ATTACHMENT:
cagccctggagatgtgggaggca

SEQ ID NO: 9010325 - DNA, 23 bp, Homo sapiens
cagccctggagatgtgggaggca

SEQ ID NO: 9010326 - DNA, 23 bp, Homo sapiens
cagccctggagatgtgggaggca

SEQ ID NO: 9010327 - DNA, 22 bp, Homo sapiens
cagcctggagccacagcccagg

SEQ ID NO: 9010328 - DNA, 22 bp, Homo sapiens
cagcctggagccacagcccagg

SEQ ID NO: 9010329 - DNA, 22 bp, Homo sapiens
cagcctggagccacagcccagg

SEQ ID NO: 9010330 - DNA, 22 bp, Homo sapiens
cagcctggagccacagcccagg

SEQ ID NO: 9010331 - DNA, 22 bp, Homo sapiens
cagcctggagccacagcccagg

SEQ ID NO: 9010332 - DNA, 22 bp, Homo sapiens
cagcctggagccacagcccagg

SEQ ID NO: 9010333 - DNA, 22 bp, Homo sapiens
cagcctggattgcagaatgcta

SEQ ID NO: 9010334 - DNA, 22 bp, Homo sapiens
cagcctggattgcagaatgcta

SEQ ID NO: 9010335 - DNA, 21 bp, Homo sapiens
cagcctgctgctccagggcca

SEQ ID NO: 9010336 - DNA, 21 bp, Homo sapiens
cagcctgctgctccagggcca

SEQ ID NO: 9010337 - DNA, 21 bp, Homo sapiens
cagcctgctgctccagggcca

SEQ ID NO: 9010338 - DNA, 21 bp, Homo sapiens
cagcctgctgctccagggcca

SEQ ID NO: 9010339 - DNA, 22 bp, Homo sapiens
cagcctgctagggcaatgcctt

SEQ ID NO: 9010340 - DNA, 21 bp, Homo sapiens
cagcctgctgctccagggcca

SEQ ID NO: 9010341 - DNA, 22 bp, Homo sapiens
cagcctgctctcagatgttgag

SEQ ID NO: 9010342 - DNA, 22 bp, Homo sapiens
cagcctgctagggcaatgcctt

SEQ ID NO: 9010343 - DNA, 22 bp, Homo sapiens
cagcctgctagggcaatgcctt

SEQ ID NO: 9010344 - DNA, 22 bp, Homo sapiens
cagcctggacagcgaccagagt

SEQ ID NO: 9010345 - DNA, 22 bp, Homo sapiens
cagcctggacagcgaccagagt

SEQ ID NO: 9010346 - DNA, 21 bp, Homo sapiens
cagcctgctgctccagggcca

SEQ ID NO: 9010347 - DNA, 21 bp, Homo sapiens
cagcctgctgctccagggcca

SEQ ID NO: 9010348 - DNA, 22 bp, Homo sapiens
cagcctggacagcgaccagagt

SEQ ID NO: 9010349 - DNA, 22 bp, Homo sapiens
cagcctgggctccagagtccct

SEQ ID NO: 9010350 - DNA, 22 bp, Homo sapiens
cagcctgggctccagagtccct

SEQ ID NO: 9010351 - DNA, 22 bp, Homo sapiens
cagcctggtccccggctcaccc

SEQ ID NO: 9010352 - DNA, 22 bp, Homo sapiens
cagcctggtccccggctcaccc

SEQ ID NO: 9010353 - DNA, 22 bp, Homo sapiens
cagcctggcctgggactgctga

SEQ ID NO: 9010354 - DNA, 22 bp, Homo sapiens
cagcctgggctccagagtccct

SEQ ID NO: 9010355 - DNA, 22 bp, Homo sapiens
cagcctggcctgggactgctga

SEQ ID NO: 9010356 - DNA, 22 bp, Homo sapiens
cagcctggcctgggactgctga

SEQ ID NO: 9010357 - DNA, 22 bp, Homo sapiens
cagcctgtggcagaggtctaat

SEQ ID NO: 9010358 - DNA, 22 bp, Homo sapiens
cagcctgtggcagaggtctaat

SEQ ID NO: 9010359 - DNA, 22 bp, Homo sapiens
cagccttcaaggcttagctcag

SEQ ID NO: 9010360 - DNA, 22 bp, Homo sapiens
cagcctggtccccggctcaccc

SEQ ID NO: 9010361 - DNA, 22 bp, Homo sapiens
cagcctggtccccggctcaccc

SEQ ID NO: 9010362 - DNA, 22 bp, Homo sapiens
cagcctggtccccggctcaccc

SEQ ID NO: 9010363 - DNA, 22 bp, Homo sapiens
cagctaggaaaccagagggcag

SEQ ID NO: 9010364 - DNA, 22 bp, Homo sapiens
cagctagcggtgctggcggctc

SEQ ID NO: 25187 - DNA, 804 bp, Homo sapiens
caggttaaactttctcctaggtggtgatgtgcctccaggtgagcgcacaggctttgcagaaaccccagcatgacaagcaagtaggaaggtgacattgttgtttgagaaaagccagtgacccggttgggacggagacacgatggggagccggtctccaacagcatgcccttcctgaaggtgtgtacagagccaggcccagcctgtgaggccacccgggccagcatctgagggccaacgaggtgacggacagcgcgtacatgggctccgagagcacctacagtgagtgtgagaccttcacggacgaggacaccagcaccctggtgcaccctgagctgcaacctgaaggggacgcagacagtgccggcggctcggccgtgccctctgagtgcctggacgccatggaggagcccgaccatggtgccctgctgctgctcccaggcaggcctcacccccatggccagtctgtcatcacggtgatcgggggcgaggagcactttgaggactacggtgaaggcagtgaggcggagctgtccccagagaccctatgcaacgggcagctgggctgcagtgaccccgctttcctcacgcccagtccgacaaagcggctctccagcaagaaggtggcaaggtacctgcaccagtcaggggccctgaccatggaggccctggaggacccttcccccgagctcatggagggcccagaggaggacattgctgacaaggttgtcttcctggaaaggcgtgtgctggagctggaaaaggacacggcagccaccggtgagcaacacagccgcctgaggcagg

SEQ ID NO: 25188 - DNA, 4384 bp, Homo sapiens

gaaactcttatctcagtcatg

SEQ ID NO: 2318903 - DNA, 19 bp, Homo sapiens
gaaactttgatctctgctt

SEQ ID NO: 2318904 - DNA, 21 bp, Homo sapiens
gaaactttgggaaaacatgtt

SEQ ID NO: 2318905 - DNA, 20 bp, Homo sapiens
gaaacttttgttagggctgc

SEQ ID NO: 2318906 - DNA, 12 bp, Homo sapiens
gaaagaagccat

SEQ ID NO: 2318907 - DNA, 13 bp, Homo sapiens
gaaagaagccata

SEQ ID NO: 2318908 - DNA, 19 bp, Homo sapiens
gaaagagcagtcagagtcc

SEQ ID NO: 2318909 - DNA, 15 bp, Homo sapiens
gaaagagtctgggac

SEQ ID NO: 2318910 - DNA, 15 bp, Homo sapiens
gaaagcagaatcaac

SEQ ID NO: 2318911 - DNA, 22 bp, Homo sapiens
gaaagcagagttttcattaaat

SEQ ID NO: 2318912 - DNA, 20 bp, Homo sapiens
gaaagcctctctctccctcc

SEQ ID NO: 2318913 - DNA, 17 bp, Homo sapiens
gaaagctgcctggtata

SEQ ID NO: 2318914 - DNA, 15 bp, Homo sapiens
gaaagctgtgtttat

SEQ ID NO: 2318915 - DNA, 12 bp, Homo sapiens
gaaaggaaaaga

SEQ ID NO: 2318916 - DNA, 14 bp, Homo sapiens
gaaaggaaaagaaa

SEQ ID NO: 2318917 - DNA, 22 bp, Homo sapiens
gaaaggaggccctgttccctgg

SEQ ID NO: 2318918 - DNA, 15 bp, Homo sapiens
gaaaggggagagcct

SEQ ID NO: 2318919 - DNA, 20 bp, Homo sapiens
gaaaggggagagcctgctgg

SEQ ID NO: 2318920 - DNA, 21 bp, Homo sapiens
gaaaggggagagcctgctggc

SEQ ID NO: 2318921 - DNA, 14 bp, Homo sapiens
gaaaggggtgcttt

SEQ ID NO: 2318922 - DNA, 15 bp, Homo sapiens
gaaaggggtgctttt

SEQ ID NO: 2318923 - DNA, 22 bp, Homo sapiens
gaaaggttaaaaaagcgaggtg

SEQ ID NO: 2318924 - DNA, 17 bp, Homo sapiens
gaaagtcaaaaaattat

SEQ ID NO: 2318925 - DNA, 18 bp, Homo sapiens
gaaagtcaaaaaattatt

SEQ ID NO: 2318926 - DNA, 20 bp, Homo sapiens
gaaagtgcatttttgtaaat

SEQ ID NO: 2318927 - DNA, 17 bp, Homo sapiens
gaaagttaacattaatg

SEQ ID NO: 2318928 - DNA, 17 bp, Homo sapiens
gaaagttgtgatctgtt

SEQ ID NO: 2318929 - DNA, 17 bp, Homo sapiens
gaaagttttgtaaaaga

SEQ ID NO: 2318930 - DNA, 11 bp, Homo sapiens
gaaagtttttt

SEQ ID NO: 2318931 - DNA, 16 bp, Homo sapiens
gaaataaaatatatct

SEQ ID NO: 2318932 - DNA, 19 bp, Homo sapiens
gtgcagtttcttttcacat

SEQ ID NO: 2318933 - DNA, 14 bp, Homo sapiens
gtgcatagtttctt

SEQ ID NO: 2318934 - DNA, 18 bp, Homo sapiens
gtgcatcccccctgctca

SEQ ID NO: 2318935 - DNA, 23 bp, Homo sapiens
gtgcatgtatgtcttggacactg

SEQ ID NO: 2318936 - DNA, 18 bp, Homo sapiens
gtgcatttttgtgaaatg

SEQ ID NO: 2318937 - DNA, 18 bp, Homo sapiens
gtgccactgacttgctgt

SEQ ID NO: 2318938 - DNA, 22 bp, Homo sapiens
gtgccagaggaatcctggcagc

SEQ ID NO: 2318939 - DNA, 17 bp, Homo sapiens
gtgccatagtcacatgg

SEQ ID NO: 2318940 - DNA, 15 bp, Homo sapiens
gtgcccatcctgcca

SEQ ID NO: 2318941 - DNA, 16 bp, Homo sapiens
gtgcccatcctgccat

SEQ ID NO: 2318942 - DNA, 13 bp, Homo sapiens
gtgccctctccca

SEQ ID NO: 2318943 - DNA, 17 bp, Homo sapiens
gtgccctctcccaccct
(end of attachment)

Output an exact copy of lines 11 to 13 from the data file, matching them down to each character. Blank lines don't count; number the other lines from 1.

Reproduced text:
cagcctggagccacagcccagg

SEQ ID NO: 9010330 - DNA, 22 bp, Homo sapiens
cagcctggagccacagcccagg